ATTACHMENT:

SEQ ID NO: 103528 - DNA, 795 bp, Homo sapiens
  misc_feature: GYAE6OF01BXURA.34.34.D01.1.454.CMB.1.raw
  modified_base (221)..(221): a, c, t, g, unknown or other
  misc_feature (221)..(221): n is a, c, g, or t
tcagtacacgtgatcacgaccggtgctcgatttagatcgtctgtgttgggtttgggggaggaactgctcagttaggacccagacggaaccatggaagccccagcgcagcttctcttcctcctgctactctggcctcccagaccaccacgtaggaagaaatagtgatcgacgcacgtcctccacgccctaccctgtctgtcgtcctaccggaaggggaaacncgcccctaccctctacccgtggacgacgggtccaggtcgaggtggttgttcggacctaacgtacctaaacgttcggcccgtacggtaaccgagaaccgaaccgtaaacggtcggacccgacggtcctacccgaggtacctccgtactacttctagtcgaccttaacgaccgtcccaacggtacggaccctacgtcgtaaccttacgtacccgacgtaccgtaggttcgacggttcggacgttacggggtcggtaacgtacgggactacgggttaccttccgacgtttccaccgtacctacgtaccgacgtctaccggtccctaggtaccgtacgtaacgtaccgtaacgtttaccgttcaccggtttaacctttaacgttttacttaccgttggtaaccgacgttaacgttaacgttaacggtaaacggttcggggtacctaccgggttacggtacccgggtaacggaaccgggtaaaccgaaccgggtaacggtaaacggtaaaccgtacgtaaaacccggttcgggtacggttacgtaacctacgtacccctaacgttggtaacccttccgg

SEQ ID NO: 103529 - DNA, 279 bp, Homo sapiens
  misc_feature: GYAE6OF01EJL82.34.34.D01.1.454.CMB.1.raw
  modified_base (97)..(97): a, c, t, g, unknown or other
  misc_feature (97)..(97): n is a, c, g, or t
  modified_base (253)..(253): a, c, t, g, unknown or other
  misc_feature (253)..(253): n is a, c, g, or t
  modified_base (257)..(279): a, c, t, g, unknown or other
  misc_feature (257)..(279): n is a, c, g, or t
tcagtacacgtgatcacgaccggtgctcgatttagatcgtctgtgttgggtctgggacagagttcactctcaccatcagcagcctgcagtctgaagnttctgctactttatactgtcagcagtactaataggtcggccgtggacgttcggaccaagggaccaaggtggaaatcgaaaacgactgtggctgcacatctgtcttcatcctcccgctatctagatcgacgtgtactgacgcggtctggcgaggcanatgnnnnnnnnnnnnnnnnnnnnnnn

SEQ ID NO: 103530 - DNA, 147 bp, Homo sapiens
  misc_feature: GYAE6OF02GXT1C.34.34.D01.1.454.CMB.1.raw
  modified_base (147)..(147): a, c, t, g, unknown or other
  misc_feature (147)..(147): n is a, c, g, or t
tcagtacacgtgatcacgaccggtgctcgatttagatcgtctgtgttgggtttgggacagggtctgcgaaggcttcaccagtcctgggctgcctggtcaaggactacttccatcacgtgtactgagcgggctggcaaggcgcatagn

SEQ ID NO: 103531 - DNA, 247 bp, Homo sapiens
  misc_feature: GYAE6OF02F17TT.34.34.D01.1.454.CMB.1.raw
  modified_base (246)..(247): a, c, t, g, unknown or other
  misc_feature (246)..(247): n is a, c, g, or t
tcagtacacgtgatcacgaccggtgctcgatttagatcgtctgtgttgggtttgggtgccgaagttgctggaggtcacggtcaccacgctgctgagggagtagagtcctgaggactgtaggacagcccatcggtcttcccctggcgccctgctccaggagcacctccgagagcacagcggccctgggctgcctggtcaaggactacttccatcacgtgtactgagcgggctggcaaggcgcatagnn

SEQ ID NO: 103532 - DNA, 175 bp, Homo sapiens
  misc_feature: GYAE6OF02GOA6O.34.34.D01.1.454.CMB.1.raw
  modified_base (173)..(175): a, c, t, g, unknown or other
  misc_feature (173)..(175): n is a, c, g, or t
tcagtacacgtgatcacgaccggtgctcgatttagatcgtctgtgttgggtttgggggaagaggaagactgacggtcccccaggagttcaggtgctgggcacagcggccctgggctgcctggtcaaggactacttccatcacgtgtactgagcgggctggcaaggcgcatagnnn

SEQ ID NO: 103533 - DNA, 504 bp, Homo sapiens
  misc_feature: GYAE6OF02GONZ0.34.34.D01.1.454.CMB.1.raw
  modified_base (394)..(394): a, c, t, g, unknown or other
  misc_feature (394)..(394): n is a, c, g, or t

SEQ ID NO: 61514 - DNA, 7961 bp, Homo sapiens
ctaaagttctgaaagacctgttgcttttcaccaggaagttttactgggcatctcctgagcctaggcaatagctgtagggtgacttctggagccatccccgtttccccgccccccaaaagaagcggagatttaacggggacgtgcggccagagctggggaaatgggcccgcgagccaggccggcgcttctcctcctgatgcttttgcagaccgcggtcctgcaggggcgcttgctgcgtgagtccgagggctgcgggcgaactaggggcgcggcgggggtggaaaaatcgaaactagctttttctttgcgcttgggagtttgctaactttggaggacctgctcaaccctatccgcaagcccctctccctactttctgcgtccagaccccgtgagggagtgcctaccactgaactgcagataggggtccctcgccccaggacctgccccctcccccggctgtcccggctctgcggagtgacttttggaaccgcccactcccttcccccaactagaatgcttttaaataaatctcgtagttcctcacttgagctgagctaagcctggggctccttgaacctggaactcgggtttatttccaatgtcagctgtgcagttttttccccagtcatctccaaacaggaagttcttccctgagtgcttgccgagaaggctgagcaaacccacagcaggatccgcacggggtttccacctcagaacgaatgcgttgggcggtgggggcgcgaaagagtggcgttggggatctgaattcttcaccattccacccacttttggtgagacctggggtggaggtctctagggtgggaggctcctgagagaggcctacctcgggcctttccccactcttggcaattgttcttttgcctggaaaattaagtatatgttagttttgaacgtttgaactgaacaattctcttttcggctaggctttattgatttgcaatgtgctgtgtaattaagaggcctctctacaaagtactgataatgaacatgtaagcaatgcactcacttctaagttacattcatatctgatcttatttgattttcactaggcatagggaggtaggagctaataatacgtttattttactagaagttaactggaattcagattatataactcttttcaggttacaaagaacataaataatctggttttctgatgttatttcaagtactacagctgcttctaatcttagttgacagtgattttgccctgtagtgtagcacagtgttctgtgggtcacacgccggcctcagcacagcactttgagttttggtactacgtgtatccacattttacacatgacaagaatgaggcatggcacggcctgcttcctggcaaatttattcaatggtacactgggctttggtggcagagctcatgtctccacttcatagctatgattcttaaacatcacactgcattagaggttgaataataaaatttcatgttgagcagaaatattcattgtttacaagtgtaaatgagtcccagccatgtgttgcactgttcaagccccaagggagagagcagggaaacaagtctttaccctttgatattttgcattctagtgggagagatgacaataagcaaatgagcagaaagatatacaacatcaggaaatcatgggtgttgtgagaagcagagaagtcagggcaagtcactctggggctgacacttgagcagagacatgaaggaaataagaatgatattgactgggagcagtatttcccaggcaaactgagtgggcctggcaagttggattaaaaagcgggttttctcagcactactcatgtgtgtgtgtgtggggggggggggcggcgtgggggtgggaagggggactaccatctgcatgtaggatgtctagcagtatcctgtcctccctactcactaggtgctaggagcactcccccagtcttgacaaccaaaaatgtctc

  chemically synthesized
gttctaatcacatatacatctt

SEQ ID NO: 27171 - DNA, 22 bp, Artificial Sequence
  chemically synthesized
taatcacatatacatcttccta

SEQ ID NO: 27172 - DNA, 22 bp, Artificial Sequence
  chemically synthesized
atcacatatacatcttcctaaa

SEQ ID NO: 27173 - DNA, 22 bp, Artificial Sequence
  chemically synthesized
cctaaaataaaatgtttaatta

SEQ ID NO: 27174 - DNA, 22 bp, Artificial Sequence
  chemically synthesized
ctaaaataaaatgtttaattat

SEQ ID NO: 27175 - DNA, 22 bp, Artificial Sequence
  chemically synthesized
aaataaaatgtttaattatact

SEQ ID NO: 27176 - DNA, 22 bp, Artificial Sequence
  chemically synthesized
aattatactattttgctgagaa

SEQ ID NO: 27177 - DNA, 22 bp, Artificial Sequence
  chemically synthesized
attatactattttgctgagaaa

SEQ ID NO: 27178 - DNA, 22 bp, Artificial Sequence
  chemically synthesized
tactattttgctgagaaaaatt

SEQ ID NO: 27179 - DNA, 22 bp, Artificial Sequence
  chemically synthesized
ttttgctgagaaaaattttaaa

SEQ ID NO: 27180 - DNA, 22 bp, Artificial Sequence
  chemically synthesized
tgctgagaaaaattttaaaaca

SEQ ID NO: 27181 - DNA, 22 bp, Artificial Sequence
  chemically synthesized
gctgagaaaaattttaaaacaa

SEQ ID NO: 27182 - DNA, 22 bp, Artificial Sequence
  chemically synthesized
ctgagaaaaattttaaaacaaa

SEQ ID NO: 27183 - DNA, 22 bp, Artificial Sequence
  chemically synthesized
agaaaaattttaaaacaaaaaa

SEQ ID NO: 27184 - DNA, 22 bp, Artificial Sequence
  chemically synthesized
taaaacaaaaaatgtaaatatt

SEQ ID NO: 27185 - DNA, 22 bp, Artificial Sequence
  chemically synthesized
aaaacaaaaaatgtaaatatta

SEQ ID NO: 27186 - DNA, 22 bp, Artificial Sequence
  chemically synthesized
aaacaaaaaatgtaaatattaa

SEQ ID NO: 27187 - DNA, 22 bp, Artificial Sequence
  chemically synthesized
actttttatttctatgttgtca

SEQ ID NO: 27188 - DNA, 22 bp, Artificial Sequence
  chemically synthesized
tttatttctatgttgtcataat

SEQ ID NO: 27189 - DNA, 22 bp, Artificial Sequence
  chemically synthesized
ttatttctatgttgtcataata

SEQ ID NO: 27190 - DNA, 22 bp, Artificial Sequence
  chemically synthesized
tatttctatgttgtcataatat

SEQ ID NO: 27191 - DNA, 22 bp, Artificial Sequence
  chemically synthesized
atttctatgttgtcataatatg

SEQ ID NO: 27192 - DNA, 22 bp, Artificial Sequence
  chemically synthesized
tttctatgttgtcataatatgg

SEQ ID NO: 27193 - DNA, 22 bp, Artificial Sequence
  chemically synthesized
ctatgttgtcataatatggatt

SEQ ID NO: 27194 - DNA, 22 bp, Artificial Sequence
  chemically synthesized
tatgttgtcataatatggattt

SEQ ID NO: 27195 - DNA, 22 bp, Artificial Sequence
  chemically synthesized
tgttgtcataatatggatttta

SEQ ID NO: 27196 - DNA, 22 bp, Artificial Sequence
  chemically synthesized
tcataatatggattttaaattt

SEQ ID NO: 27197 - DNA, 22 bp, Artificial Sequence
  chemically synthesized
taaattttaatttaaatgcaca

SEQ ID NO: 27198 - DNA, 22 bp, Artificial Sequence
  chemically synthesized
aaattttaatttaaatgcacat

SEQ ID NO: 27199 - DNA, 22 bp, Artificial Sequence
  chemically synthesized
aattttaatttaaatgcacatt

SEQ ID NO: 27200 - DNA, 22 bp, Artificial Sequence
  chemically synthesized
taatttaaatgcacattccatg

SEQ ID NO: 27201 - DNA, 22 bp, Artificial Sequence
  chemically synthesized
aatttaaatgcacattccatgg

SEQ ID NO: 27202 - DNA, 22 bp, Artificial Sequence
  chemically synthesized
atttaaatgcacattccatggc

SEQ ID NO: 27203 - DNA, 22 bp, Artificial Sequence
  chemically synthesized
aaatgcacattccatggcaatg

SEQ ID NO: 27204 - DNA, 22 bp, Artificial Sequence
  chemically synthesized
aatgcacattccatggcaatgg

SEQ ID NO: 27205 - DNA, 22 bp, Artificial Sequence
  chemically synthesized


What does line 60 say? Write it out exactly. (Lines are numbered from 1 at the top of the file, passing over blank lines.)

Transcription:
  chemically synthesized